Project Management Expertise Key to Any Organization

Published October 2012

We’ve all heard the phrase “if you’re not improving, you’re falling behind.” It certainly holds true in today’s global economy, whether your organization sells goods or services for profit, educates students or provides services to citizens.

When it comes to improving processes, three basic mechanisms are used:

  • A Rapid Improvement Event (RIE) or kaizen corrals a cross-functional group of workers for a set time – generally five days or less – with a specific goal of using their experience and diversity to develop a dramatically improved process. This event typically utilizes a neutral, expert facilitator and is especially effective when the process in question touches multiple parts of the organization. The short, focused time frame is also helpful for attacking improvement barriers such as analysis paralysis, perceived red tape, or the inability to make a decision.
  • A project is a special work assignment defined by specific objectives, schedule, budget, and resources. Projects are distinct from routine duties and are supported by specially designated staff led by a project manager.
  • Managing for Daily Improvement (MDI) is a state whereby members of an autonomous work team constantly measure, identify and attack waste within their work processes, making tens or even hundreds of small improvements annually which add up to significant gains. MDI is the most powerful improvement mechanism and the most difficult for competitors to imitate because it relies on a special culture where workers are trained, trusted, and expected to solve problems.

RIE and MDI are generally considered Lean tools and therefore tend to be used only by organizations pursuing Lean initiatives. Thus the vast majority of improvement within organizations over the past 100 years has been driven by projects. Types of projects span the business universe from updating computer software/hardware, expanding or relocating a facility, resourcing a product, developing a new product or service, discontinuing an old product/service, or bringing a new asset online.

Since the lion’s share of improvement is driven by projects, it only stands to reason that the ability to effectively manage projects is becoming a key differentiator in an organization’s success. In other words, what makes an organization great is not the quality of its ideas and strategies, but rather its ability to implement them.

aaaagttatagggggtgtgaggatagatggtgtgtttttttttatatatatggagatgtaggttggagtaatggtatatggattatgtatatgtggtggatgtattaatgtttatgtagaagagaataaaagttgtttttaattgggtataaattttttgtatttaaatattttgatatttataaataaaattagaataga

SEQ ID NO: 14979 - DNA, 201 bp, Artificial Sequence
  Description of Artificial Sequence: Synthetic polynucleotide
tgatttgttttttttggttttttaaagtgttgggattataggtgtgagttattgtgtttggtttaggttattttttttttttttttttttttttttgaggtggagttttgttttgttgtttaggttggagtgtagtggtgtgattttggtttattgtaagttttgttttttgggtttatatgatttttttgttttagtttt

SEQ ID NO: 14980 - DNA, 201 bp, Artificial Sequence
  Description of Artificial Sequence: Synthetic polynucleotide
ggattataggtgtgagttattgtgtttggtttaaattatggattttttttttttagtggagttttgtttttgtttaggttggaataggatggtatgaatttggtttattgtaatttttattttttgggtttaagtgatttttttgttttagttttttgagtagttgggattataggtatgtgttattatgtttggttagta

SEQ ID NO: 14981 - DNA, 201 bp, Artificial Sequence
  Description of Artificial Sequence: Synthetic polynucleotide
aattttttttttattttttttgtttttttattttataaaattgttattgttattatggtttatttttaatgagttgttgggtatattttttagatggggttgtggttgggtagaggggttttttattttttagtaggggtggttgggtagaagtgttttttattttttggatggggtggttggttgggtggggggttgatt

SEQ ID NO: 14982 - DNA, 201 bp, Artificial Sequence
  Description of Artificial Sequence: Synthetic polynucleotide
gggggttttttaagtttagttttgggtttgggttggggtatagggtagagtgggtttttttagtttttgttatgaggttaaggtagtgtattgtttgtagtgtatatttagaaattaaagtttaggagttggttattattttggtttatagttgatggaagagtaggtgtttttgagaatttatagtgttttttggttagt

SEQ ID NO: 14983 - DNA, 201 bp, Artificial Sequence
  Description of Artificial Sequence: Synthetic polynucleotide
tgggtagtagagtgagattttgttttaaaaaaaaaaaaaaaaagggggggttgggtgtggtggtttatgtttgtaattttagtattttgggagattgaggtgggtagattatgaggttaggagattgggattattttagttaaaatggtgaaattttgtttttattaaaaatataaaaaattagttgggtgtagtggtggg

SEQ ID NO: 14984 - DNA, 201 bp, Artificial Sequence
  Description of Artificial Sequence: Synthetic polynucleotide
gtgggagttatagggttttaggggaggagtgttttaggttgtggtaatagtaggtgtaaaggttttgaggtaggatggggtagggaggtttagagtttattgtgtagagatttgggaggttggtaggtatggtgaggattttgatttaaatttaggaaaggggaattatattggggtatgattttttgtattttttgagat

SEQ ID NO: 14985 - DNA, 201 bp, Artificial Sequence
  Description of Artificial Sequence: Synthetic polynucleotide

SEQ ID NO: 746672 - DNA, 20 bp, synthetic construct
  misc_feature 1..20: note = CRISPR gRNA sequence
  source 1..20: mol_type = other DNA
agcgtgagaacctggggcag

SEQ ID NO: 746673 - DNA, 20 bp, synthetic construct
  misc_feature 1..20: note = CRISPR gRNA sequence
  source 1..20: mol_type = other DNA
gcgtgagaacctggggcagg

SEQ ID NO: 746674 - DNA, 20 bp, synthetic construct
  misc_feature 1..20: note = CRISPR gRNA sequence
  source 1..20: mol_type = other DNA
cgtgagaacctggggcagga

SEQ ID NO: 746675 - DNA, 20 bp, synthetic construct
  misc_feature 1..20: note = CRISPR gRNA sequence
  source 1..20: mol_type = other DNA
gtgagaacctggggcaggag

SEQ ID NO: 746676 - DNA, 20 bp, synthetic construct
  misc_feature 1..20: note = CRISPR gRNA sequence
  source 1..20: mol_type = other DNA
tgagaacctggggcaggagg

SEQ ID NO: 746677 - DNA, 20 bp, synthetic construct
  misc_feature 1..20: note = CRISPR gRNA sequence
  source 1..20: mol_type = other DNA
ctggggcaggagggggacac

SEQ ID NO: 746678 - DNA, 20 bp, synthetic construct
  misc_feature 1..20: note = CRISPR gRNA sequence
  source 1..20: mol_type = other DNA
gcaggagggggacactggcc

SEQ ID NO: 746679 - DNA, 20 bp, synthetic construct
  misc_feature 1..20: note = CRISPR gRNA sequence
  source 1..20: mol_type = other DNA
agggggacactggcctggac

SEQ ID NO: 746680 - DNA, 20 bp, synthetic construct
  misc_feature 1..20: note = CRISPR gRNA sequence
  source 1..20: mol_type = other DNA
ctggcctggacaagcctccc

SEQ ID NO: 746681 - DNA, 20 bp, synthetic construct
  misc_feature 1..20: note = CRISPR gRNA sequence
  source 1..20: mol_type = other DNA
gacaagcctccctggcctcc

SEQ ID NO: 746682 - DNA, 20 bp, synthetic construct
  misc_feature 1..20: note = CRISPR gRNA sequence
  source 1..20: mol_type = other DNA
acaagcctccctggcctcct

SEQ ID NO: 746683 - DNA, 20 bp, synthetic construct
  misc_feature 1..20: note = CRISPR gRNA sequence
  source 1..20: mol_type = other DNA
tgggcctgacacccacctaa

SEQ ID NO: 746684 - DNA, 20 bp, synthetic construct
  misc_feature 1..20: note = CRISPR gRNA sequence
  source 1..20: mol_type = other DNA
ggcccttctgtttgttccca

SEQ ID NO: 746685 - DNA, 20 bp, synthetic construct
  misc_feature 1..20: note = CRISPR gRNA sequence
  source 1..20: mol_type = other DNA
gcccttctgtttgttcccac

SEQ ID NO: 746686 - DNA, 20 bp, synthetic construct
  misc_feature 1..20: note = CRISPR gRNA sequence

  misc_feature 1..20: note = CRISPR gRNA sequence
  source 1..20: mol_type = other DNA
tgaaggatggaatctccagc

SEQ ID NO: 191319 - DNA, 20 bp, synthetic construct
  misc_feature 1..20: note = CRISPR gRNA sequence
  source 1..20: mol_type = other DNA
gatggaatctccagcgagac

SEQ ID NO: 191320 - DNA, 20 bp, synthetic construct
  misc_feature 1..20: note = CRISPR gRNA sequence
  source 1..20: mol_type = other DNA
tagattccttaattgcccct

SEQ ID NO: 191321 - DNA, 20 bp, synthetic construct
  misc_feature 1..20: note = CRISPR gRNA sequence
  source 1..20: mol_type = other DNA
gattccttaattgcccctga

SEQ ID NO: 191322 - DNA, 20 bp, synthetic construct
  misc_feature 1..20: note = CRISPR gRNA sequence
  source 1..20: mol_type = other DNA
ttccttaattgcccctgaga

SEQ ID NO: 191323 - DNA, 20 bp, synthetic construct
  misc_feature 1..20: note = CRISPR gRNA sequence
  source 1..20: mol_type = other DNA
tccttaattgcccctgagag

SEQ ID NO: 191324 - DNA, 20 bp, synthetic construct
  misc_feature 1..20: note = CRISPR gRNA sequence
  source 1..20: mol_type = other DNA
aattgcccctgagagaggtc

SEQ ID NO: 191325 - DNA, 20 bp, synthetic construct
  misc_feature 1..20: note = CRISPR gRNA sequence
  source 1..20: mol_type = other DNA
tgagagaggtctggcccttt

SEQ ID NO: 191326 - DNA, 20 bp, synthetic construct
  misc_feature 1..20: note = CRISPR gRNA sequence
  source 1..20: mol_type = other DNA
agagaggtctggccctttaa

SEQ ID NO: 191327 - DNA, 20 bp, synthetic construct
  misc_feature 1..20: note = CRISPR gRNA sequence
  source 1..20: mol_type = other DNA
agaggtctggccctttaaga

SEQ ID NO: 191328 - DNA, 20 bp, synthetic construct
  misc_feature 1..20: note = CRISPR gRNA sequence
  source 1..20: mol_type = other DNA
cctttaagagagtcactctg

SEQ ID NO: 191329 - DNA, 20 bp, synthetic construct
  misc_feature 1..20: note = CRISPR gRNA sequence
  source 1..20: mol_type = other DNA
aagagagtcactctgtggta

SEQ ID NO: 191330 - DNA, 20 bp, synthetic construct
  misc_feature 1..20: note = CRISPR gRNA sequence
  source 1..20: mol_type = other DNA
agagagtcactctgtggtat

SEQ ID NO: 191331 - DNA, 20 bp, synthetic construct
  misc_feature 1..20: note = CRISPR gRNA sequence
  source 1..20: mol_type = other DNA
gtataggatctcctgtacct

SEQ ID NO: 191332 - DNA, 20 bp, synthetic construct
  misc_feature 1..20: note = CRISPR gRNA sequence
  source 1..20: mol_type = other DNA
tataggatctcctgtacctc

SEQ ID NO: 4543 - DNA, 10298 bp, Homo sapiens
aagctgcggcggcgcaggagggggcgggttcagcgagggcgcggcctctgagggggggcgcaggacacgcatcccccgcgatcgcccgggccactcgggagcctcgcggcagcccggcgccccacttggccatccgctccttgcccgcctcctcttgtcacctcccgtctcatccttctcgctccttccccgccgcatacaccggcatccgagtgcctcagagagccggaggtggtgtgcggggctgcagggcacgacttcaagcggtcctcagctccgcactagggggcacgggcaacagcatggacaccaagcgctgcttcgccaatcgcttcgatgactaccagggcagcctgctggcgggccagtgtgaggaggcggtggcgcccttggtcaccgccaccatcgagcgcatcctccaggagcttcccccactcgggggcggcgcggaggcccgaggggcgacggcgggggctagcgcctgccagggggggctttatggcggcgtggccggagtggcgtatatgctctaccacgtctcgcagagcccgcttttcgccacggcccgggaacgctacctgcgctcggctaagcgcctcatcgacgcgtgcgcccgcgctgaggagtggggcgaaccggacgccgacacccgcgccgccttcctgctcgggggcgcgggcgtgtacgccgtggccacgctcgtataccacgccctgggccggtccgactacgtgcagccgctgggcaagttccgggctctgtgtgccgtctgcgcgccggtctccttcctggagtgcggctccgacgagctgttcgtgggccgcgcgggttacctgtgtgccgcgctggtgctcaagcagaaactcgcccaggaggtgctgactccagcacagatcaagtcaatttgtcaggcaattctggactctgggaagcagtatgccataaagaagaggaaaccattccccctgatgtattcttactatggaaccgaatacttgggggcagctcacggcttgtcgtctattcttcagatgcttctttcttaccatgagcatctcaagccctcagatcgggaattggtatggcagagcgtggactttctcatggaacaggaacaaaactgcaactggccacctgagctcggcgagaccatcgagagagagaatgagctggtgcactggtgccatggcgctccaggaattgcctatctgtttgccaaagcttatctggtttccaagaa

Leading organizations realize this and are designating skilled personnel to full-time project management positions. The reasoning is that the ability to expertly bring projects to a timely and successful conclusion is as important to the organization’s success as other traditional skilled roles such as engineering, sales, and accounting.

In addition to top-notch people, these organizations are also investing in the development of the infrastructure to support project managers. This includes:

  • Identifying training resources for the wide variety of hard and soft skills required by project managers
  • Assigning successful, experienced project managers as mentors
  • Documenting standards and best practices for managing projects
  • Providing templates for various project management tools

Leaders dissatisfied with the rate of improvement within their organizations would do well to perform an examination on a handful of recently completed and active projects. Are they proceeding on schedule? Within budget? And most importantly, are the desired benefits being realized?

If the answers above are discouraging, take heart in that you’re not alone. Chances are, the projects were randomly assigned to “project managers” with little or no formal project management training. They charged off to create Gantt Charts and then watched in despair as their plans made their horoscopes look accurate by comparison.

While it’s always important to monitor expenses, projects are an area where organizations too often fall into the penny wise and dollar foolish trap. Common mistakes are to avoid selecting outside resources who are already experts at solving the problem at hand because they are “too expensive” or to not properly staff a project. While “saving money” these errors almost always delay the realized benefit which dwarfs the savings and destroys the return on investment that drove the project in the first place.

Understanding that managing projects is a core competency for any organization that depends on improvement for survival is a necessary first step towards improvement itself. Making the commitment to developing that core competency is a solid second step.

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